Robert Herjavec of “Shark Tank” and founder and CEO of global cybersecurity firm Herjavec Group explains what the future has in store for your data.
With the increasing use of personal assistants in the home, what should customers be mindful of to protect their personal information?
You have to be vigilant, and this starts with getting back to basics, such as securing your home Wi-Fi network, which really is the virtual door into your home. Make sure you have WPA2 encryption enabled and have a strong, unique password. Then, change the default login settings, install software updates and disable features that are not needed.
It’s very easy to love convenience, especially if you can ask your home assistant to restock your pantry. But is your shopping list really as private as you think it is? Once someone gains access, it’s far more than your list exposed. Your banking information, personal data and corporate data you interact with or connect to from your home office is all vulnerable. Never make the mistake of dropping security for convenience.
In an era of major customer data breaches, how can artificial intelligence (AI) help to predict, protect and prevent more effectively than past technologies?
The foundation of AI is logs. You have to have an input. Being able to leverage big data analytics is great, but AI is an avenue that works hand-in-hand with traditional and current technologies to drive insight and alter behavior.
Many past technologies leverage signature-based detections, which are easy for adversaries to change. AI and behavioral-based technologies focus on the patterns of attack, which are much harder to constantly change. By focusing on behavior, AI can leverage data features to determine answers to questions such as what might happen next or what the best corrective action is for the current situation. It will be interesting to watch the intersection of AI and security operations, analytics and reporting. If AI algorithms truly begin to predict and prevent attacks, allowing them to automatically integrate with other security platforms could be huge.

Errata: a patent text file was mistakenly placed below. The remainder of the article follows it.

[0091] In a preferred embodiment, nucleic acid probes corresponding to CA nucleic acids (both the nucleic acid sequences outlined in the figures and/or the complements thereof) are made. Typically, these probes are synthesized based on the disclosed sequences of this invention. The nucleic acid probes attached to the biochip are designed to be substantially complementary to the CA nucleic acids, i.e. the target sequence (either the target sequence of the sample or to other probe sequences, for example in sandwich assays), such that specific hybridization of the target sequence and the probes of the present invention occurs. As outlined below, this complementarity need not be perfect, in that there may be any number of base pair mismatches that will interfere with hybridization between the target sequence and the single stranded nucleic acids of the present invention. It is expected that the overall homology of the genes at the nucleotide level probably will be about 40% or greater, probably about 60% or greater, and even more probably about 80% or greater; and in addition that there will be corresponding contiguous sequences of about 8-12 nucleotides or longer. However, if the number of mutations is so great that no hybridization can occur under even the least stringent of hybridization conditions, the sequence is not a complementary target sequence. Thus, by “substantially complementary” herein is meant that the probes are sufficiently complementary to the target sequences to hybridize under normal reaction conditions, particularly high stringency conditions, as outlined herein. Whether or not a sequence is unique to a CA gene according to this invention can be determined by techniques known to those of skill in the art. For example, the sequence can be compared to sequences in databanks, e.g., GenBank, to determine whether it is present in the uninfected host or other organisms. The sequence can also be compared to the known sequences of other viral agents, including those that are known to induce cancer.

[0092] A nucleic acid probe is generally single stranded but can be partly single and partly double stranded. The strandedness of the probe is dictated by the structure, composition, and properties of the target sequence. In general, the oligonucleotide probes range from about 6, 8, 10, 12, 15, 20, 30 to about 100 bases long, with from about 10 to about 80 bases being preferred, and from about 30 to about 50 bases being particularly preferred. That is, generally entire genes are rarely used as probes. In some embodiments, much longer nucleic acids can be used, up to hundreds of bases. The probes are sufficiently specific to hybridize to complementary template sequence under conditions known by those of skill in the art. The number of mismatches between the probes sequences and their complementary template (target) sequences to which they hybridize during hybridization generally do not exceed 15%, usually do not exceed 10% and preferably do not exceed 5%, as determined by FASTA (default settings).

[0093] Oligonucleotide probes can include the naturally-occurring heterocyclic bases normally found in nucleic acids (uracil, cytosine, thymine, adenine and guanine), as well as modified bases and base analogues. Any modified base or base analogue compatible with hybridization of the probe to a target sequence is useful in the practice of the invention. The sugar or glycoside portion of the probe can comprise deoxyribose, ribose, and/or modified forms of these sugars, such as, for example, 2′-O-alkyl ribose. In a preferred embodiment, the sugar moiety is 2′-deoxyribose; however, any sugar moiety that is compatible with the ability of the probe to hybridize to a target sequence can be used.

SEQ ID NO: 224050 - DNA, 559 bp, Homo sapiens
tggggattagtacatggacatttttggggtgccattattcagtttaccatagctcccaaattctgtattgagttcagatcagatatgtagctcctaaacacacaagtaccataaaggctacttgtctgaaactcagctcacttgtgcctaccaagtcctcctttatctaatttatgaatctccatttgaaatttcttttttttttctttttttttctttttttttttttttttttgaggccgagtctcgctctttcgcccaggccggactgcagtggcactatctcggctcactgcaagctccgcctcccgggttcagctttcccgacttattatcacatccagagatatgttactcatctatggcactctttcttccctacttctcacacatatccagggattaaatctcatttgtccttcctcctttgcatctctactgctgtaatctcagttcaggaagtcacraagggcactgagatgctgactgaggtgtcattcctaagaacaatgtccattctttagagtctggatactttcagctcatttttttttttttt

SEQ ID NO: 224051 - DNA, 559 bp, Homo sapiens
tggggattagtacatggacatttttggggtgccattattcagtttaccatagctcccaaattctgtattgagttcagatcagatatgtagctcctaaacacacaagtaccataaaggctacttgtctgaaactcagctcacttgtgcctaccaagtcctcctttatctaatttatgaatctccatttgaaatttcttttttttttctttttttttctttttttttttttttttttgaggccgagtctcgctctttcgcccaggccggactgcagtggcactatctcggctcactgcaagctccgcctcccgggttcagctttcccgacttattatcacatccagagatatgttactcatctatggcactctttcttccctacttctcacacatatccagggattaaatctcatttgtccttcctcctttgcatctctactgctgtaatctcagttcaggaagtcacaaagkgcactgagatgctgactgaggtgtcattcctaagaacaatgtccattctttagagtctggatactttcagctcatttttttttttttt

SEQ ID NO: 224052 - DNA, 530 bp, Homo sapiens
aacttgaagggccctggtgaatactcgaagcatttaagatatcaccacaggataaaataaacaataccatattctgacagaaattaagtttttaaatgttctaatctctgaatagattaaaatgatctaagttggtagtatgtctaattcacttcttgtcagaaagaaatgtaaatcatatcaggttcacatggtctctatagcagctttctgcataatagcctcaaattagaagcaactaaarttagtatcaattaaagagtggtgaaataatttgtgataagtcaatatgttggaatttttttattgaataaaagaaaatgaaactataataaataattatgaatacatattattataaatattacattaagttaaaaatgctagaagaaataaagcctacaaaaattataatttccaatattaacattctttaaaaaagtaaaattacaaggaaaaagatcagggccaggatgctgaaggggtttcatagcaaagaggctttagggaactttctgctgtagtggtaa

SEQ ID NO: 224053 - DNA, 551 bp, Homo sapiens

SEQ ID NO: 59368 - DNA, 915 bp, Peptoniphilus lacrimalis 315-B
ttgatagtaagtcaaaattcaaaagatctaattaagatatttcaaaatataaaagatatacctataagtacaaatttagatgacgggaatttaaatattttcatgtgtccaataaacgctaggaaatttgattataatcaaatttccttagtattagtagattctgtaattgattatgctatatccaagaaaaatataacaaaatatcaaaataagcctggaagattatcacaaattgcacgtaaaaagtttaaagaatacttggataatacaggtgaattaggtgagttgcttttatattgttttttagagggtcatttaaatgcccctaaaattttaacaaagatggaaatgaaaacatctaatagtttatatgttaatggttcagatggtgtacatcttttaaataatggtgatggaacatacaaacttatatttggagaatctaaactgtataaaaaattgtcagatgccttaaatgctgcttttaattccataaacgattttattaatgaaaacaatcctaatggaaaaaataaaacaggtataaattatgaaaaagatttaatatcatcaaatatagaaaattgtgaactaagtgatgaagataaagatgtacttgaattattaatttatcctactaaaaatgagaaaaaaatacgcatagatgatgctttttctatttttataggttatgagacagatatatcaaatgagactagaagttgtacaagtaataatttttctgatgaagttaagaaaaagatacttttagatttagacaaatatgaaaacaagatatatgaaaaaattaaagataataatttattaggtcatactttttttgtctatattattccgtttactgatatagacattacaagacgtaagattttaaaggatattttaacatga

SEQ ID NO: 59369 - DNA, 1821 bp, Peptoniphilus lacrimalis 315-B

What is the biggest myth behind AI cybersecurity you’d like to debunk?
The biggest myth is that AI can make sense of any data, because there has to be quality data in order for the algorithms to work correctly. AI won’t be able to solve our cybersecurity problems completely. All these advancements in AI and machine learning are not supposed to replace traditional security measures and cyber hygiene; they’re supposed to enhance what’s currently in place. As attacks become more automated and sophisticated, defenders will need tools to match that. AI is one answer to that challenge as we grow past signature-based detection.
What do you think the next generation of cyber threats will look like? Does AI play a role in defending against these threats?
It’s hard to say what the next generation of cyber threats will look like. The real question may be, who will be targeted? Industries that have a major influence on our economy and society, such as health care and manufacturing — and even government systems themselves — will be targets.
But cybercriminals are evolving just as much as security professionals. They’re using tools like AI, machine learning, technologies, algorithms — you name it — and defense mechanisms are finding it difficult to keep up.
What role do you see blockchain/distributed ledger technology (DLT) playing in the future of asset management and cybersecurity?
There is a misconception that blockchain is a single secure impenetrable location like Fort Knox, but in reality. Blockchain resolves the issues of lack of trust and human error while providing accuracy. If blockchain technology were integrated properly, it could help reduce the risk of a breach – assuming blockchain is used to complement the existing security infrastructure and technology.
So many organizations are still lacking in terms of how they store and protect customer data and identities, and these systems can help going forward solve the question of how data is stored and where. I wonder: As DLT and blockchain technology evolves, will corporations pay you to access to your information?